Glowforge raises another $43M – Meczyki.Net

Seattle-based laser-cutting hardware startup GloForge announced this morning that it has raised another healthy round. The $43 million Series E joins the approximately $70 million the company has raised since its 2015 inception.

It’s been a few years since the firm saw significant growth, but the round led by DFJ Growth will go toward accelerating R&D and commercialization for the company’s products. The company has carved a niche for itself over the past 8 years thanks to its laser-cutting and engraving systems.

The company’s latest – the GloForge Pro – is being positioned as a “3D laser printer.” At its heart, the $7,000 system is a streamlined CNC machine with all the modern conveniences, including Wi-Fi connectivity and a camera to view the project in real time.

“We founded Gloforge because we believed in a world where people make things for themselves at home,” cofounder and CEO Dan Shapiro said in a release. “With this fundraising, GloForge has the resources to expand our vision to empower the world to create magical things.”

The hobbyist market has its limits – just ask anyone who has ever built a desktop 3D printer. The company got off to a solid start, raising over $27 million in its first crowdfunding campaign.

Education, predictably, has also proven to be a solid growth market for the company. This is precisely why 3D printing firms shifted their focus to the classroom as they hit a very real frontier in the home/enthusiast market.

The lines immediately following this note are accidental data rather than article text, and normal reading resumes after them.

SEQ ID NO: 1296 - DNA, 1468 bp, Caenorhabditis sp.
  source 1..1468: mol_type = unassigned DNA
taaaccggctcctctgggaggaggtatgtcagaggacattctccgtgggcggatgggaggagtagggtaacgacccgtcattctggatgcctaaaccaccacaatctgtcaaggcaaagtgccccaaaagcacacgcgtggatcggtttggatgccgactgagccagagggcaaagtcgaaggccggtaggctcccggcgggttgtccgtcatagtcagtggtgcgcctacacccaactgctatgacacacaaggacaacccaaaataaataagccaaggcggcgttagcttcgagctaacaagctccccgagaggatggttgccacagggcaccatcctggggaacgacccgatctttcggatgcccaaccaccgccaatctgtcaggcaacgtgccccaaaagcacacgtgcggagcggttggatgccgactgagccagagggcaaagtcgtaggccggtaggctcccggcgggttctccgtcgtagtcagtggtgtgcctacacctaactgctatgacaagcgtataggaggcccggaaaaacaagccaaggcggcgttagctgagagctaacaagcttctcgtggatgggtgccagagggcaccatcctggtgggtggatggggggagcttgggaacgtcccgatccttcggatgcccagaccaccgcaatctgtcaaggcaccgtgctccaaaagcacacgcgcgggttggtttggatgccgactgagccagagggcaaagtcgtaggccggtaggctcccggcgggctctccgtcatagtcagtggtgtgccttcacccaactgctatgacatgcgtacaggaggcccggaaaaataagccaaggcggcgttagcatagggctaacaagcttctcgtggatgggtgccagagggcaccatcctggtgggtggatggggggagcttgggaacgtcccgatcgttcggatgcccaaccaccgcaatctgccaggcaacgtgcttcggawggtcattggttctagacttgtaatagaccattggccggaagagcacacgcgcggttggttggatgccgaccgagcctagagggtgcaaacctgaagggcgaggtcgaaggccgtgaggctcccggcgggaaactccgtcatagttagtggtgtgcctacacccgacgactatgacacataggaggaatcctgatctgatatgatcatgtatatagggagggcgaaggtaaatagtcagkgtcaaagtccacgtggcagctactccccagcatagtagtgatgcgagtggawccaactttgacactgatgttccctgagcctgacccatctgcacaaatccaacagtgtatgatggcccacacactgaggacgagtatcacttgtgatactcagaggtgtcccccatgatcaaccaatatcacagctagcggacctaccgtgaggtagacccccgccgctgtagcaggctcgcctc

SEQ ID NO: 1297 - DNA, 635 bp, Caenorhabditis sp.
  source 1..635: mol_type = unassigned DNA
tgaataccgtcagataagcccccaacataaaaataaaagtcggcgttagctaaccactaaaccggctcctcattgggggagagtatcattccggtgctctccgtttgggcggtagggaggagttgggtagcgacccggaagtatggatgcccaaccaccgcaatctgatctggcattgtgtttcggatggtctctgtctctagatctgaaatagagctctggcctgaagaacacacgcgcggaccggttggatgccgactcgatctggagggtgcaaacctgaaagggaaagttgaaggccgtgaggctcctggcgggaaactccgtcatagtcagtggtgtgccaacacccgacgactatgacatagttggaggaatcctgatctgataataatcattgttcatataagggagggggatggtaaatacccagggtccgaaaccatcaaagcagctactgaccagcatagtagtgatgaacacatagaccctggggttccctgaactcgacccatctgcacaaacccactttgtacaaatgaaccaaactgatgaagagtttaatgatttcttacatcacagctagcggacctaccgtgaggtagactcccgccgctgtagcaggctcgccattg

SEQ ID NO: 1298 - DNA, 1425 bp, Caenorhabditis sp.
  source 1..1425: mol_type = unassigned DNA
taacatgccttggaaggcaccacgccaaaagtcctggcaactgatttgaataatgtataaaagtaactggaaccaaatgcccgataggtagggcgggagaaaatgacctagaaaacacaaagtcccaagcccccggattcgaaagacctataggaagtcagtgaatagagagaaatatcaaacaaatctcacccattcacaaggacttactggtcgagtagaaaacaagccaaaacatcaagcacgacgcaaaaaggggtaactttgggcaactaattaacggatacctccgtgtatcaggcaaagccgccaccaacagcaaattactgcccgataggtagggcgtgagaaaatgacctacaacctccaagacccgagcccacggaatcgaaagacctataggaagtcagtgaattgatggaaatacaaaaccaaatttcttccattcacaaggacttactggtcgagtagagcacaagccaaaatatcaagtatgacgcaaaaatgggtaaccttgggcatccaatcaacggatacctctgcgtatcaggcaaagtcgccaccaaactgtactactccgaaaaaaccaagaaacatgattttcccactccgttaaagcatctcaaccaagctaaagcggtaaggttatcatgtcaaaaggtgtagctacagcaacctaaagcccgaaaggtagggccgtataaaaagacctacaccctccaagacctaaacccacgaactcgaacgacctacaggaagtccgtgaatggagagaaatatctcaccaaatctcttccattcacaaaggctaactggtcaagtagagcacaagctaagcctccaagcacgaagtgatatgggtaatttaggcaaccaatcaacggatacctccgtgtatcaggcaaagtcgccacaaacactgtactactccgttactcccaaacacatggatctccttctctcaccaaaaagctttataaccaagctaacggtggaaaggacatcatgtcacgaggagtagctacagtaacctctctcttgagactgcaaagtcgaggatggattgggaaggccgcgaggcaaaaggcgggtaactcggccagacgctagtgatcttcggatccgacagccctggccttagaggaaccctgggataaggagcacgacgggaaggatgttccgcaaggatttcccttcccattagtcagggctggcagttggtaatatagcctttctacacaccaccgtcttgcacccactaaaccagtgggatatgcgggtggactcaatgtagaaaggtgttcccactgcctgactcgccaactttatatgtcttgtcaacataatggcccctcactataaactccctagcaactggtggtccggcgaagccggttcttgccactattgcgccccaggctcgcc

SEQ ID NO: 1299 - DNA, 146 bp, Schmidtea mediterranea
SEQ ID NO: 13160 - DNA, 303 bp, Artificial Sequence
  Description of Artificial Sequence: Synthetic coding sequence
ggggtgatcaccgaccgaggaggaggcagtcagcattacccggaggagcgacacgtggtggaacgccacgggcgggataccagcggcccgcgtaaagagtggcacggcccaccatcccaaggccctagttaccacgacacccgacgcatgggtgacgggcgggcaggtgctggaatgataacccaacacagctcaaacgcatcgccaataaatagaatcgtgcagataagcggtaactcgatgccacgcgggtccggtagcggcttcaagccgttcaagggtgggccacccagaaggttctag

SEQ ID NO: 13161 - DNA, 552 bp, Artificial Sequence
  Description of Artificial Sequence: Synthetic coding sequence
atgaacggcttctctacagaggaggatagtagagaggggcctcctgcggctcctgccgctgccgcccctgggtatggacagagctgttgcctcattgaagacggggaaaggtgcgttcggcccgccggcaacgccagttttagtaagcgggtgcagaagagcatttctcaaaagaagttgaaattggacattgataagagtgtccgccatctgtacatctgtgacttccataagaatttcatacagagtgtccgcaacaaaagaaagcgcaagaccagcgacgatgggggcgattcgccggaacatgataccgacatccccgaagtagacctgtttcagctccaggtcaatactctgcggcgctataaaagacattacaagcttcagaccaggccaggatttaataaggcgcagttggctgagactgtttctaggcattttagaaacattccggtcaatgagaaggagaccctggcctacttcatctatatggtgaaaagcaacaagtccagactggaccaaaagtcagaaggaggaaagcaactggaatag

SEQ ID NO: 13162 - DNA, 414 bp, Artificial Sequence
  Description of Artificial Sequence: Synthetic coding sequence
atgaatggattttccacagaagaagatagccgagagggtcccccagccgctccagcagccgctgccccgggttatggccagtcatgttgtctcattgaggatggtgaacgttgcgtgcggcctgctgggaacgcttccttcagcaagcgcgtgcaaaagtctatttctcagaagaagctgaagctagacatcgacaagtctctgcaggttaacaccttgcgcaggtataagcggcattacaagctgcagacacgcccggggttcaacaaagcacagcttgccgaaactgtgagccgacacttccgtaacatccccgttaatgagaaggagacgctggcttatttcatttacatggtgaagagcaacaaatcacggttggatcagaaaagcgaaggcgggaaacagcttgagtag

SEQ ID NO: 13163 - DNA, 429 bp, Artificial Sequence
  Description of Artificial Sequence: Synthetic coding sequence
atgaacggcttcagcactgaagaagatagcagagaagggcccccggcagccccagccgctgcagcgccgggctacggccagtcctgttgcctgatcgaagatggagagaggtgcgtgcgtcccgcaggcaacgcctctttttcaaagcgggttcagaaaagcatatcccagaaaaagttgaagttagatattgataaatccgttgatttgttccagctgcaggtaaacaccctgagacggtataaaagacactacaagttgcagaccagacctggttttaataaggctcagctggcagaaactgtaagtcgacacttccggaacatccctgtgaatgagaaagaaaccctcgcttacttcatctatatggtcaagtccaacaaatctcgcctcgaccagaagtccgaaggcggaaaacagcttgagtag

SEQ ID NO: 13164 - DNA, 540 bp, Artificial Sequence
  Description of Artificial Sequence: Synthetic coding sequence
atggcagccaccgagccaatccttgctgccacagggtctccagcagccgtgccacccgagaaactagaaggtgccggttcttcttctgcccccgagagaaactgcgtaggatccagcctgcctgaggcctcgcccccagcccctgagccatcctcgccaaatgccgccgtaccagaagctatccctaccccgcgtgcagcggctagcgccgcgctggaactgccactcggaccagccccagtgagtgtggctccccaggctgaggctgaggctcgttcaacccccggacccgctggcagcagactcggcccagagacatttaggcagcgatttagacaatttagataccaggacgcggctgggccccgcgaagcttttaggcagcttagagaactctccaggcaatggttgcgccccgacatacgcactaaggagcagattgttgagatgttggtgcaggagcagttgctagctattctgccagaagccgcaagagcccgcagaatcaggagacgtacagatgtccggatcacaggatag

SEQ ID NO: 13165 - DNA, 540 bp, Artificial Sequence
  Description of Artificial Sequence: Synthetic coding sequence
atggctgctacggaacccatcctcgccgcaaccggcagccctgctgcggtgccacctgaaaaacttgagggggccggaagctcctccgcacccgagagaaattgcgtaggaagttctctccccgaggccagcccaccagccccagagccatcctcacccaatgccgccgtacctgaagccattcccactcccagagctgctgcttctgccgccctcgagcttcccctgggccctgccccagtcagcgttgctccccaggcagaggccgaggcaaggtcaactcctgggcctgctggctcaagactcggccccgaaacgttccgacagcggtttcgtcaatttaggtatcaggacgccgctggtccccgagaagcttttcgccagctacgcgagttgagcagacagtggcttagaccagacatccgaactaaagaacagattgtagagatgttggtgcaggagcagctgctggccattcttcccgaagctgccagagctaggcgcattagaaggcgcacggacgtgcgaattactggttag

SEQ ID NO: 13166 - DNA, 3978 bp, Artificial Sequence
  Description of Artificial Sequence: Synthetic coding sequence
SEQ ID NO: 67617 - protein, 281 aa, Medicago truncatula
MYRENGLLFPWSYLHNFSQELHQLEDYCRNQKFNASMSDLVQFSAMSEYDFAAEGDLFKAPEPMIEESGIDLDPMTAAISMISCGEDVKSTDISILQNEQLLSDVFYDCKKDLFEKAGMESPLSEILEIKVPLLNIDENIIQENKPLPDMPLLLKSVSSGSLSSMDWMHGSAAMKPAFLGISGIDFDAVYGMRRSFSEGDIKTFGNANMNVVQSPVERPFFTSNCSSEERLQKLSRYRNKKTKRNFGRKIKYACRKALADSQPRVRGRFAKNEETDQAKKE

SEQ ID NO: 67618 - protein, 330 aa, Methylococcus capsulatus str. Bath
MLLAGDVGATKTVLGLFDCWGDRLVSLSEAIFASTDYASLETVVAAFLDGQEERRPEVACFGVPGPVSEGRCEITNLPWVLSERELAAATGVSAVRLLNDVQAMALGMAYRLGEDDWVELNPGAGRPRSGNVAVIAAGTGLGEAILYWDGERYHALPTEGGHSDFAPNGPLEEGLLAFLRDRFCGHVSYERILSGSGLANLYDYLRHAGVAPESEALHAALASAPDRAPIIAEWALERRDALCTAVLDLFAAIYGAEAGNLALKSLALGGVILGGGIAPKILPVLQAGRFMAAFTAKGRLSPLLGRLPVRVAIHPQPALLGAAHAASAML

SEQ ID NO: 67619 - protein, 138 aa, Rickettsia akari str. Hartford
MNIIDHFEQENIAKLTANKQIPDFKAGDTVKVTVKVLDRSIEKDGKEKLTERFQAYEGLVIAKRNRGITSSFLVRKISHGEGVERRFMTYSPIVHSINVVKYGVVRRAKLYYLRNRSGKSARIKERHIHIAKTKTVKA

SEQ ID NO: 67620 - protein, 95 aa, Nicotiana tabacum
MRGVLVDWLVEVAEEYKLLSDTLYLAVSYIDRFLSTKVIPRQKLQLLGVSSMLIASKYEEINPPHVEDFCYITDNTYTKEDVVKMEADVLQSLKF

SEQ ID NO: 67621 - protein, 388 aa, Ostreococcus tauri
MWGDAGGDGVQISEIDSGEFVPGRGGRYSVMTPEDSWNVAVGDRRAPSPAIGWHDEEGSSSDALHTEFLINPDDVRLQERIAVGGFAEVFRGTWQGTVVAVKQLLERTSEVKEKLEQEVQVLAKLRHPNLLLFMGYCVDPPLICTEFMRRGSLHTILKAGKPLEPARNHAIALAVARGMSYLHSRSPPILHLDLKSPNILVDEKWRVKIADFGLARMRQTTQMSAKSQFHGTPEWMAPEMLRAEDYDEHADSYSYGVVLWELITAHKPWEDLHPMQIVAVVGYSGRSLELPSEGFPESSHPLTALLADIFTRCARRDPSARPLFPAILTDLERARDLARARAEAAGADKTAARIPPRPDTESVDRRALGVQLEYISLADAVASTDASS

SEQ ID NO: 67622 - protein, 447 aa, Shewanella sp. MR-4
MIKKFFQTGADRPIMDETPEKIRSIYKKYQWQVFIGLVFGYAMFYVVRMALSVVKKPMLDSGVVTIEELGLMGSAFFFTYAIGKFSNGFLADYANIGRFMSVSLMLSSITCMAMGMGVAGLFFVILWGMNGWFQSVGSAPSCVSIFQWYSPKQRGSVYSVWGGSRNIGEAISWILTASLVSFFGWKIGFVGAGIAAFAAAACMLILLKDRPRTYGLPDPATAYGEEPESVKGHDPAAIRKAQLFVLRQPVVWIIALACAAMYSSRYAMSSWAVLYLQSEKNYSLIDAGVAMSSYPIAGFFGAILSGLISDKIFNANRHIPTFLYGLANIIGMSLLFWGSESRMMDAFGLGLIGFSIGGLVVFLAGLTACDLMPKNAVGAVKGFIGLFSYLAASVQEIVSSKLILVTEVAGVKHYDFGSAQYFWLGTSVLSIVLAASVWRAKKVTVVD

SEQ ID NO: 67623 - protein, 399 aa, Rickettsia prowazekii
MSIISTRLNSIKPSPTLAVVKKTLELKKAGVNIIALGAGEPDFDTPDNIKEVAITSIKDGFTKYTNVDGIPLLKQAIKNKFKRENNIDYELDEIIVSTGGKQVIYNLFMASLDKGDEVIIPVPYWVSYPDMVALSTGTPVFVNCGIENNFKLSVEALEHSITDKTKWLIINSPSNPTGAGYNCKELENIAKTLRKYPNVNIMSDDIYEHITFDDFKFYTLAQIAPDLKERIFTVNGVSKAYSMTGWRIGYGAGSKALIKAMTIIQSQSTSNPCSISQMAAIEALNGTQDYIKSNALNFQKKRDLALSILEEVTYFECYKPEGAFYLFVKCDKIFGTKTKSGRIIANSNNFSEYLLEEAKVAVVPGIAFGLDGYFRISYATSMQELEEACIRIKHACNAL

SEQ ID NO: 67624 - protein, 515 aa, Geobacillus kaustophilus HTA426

“The glowforge The printer acts as a creator’s private factory,” DFJ partner, Barry Schuler, says in the release. “Dan and his team are on a mission to democratize access to professional-quality creative capabilities, giving creators the opportunity to see their To enable imagination to be brought out of the box into the physical world in minutes.”

Thus the company has carved a niche for itself with well-designed, user-friendly systems with a proportionately high price tag. And while competition isn’t quite as stiff as it was at the height of the 3D printing boom, the question is still how much of an addressable market is there for specialized equipment like this.